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America's Captain 

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Had to do this thread because one of my very favorite villains - Titania - was created in 1984 by Jim Shooter and Mike Zeck during The Secret Wars.

Titania has been on my mind due to the fascinating Black Bolt comic currently on the shelves. She's become an important supporting character for the time being.

She's tough, she seems to have some sort of conscience and some sort of empathy, and she and the Absorbing Man were always portrayed as being genuinely, fiercely, wholeheartedly in love. She's a lower tier villain who apparently doesn't do too well in the money department, which is a quandary to me, as I would think any supervillain would either be (a) in jail or else (b) rich. If you get away with the crime, why wouldn't you be rich? She must get stiffed now and then by the masterminds who employ her. Either that or she has a gambling problem or just a spending problem in general.

Any way, she is easily in my top ten of favorite villains, regardless of tier. I will buy a comic simply because she's in it. She's awesome.

Who are your picks for "best" or "favorite" or "most charismatic" villains created in the 80s?







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Grey Gargoyle


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Grey Gargoyle


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Nota Bene : you'll notice that there are more choices in the 1980s. \:\-\)

(John Byrne & Chris Claremont were clearly influenced by the Avengers TV series.




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Grey Gargoyle


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Grey Gargoyle


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(NB : he was much smarter when he first appeared)




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Grey Gargoyle


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(NB : a lot of pirate boots in the 1980s !
Perhaps, many rogues wanted to look like Captain America ?)

He was the replacement of the Green Goblin but, back then, I think that he was much cooler than the 1st Goblin !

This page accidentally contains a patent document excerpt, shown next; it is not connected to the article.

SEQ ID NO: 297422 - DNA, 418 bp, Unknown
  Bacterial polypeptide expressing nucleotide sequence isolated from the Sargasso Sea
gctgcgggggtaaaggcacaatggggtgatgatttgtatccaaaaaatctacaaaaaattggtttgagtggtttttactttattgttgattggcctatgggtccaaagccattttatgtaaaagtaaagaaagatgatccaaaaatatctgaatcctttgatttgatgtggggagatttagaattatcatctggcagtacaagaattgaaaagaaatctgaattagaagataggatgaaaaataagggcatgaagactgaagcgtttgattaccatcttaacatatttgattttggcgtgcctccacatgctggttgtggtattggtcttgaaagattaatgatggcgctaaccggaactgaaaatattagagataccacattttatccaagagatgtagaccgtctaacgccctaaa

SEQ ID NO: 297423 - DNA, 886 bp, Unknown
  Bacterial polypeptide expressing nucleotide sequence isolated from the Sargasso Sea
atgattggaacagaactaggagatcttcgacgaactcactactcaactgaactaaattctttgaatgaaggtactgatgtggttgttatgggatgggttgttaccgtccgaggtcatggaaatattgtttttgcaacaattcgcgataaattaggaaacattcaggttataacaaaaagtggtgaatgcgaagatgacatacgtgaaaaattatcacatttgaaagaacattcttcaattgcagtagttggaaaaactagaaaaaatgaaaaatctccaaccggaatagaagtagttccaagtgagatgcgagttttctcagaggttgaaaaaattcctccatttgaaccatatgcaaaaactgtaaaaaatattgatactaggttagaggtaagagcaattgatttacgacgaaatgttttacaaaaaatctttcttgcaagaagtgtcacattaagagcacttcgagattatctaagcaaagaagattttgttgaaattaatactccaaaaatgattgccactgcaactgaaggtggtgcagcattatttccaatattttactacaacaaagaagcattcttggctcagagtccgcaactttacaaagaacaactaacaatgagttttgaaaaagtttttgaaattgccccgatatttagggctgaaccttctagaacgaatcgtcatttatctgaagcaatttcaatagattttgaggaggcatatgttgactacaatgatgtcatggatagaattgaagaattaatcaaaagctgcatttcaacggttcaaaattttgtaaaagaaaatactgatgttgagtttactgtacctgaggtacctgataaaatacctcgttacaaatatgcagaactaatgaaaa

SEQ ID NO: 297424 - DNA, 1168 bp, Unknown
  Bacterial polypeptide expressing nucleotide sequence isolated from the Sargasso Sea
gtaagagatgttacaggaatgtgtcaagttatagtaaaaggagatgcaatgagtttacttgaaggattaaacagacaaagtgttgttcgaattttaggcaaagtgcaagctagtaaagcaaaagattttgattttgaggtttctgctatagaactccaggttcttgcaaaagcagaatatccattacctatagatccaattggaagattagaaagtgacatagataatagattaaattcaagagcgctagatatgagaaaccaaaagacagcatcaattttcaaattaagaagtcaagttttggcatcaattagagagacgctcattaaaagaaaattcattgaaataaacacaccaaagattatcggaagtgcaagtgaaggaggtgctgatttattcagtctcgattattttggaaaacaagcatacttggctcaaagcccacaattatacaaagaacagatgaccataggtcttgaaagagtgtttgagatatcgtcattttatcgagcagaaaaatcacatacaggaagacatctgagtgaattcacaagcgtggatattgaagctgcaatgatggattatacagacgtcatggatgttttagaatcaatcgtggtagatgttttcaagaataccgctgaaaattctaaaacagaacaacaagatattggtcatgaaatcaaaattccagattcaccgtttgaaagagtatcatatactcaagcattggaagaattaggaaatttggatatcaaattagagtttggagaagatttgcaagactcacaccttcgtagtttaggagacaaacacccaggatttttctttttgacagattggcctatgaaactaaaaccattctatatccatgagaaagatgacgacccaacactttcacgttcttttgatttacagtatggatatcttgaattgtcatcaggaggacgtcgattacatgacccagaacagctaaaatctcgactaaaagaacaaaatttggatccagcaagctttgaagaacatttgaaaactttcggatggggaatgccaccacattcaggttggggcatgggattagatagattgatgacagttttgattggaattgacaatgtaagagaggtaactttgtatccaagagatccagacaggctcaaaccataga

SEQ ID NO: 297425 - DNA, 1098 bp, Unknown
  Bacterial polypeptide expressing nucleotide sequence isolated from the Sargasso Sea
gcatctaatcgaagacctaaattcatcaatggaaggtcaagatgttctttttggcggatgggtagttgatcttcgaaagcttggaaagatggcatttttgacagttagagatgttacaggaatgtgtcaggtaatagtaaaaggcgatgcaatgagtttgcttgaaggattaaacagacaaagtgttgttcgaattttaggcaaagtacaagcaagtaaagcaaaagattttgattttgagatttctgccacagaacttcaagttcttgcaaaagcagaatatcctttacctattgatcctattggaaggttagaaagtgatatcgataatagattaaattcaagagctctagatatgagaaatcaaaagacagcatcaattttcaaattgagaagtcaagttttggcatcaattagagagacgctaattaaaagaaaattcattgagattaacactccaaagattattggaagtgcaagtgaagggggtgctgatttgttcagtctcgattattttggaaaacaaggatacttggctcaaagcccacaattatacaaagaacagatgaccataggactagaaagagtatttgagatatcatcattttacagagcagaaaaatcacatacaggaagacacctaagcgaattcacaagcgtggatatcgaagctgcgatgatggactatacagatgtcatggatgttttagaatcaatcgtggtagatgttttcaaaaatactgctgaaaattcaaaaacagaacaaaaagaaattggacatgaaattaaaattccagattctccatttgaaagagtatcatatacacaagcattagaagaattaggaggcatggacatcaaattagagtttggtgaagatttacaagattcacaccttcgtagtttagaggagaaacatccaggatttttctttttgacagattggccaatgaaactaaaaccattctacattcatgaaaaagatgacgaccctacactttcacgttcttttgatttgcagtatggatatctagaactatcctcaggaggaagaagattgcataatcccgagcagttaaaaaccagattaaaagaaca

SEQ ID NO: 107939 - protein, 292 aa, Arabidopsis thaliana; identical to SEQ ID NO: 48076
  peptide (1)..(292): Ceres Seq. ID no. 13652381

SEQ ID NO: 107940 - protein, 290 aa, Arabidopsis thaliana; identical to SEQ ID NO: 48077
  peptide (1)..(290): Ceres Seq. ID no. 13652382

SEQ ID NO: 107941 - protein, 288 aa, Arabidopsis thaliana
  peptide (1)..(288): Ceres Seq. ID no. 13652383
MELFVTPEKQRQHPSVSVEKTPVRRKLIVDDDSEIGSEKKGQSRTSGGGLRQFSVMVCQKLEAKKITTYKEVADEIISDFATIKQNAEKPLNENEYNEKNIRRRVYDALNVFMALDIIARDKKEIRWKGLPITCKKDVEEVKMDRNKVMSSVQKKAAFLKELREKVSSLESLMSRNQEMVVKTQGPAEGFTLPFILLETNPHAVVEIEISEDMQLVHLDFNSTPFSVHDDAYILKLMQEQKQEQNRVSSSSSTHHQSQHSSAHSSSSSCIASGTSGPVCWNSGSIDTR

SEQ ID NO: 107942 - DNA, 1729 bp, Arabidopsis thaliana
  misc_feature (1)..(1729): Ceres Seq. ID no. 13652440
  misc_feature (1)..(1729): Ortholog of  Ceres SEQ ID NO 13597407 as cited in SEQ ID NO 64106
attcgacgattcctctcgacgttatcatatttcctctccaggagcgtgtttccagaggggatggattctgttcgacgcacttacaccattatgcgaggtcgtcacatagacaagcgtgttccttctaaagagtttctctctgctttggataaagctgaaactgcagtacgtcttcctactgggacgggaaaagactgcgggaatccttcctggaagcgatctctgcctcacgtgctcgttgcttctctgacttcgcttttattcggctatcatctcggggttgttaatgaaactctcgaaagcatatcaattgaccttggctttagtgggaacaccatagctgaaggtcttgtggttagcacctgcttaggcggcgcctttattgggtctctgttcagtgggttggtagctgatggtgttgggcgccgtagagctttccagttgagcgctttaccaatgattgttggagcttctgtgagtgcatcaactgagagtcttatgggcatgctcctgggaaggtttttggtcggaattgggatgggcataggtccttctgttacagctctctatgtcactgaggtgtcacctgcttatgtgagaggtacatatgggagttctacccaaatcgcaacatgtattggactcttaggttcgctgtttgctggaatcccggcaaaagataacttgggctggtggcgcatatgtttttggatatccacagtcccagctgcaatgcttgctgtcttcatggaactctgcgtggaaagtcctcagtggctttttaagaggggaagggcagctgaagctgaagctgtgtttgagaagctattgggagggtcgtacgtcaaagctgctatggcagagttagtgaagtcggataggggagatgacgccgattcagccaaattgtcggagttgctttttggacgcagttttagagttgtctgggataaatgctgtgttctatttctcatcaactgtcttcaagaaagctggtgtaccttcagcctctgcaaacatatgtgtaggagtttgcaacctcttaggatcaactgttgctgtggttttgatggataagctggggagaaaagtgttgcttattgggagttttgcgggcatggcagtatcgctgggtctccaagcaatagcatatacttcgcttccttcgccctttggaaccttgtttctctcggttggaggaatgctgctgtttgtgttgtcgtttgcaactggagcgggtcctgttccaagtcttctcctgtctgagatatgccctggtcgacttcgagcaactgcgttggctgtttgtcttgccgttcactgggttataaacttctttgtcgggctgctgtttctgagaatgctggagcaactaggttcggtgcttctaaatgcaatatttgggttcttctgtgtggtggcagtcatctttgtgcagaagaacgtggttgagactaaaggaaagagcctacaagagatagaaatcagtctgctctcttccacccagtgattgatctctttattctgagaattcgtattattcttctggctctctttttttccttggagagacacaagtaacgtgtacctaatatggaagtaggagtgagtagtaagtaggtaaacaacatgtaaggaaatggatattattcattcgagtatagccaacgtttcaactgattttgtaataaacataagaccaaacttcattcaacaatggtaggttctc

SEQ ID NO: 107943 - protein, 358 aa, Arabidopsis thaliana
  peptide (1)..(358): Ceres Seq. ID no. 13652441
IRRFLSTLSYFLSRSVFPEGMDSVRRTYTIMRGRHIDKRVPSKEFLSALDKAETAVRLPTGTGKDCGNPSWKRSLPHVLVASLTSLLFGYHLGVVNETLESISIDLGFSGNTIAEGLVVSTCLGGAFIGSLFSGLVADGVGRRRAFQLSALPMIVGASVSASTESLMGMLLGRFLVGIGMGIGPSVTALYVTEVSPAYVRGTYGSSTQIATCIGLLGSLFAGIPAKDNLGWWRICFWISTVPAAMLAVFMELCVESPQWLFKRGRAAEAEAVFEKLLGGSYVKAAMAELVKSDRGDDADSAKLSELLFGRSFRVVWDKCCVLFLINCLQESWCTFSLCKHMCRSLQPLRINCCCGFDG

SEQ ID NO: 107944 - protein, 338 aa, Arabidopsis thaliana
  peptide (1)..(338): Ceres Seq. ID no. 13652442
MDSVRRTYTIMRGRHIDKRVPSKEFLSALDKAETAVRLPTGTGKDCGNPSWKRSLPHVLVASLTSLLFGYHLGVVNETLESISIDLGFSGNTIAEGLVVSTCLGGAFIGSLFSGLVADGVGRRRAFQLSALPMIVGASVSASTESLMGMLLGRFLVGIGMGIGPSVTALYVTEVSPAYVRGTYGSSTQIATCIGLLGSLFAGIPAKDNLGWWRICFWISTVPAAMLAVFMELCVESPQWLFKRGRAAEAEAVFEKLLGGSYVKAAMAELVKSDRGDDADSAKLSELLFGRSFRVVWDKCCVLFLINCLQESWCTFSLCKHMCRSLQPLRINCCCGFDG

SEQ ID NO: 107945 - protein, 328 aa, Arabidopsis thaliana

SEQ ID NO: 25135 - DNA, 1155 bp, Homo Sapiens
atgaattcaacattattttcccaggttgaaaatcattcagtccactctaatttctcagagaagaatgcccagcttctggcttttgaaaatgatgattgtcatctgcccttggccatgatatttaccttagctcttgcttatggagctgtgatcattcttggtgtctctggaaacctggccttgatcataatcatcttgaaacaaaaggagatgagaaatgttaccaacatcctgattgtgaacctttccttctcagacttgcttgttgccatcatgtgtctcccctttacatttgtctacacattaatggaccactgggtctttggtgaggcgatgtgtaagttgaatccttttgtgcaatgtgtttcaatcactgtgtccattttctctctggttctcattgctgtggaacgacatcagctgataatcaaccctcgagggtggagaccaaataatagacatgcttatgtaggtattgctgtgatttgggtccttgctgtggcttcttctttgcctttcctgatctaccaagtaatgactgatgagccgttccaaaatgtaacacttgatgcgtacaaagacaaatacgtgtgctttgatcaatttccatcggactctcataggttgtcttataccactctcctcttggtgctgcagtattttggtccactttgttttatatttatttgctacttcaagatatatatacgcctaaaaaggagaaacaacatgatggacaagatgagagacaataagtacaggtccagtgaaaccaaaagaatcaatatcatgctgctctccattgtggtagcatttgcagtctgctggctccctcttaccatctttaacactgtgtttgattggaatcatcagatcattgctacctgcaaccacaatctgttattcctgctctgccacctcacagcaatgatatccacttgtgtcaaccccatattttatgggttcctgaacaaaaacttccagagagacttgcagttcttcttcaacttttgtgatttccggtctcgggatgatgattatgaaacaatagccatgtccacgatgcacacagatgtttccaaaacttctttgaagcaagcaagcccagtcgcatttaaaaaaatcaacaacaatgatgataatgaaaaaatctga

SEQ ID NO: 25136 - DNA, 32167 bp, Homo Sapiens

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Grey Gargoyle


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Grey Gargoyle


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Grey Gargoyle


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Grey Gargoyle


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Superman's Pal

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Superman's Pal

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Just comics or movies too? Most of these movie villains eventually made it to comics, maybe all of them. Just some favorites of mine.

1980's Empire Strikes Back gave us Emperor Palpatine. He may not have done too much in Empire and Jedi except a lot of scowling at the end, but the much-maligned prequels, crappy as they were, really cemented him as the MVP of the Star Wars hexology. As Sidious he commands the Trade Federation, Droid factory and Sith to create a threat against the Republic. As Palpatine he uses that threat as an excuse to get elected to higher and higher ranks of power, curtails personal freedoms in the name of security, and names himself galactic Emperor. Sidious commands a droid army, Palpatine commands a clone army, they go to war and in the melee he assassinates the entire Jedi order, the only real threat against him. The trilogy closes with the villain winning and ruling the galaxy for the next 15 years! I don't normally praise anything from the prequels but he had a great arc. or should I say plan.

1980 - Pamela and Jason Voorhees

1981 - Hannibal Lecter (Red Dragon novel)

1982 - MCP (Tron)

1984 - The Terminator and SkyNet. Gremlins (and Stripe). Freddy Krueger. Emilio Lizardo/Lord John Whorfin (Buckaroo Banzai).

1986 - The Kurgan (Highlander), Chop Top (Texas Chainsaw Massacre 2)

1987 - Predator, Q (Star Trek TNG), Pinhead (Hellraiser)

1988 - Chucky (Child's Play)

1989 - Borg (Star Trek TNG)


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America's Captain 

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Location: Bayville New Jersey
Member Since: Sat May 17, 2008
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    Quote: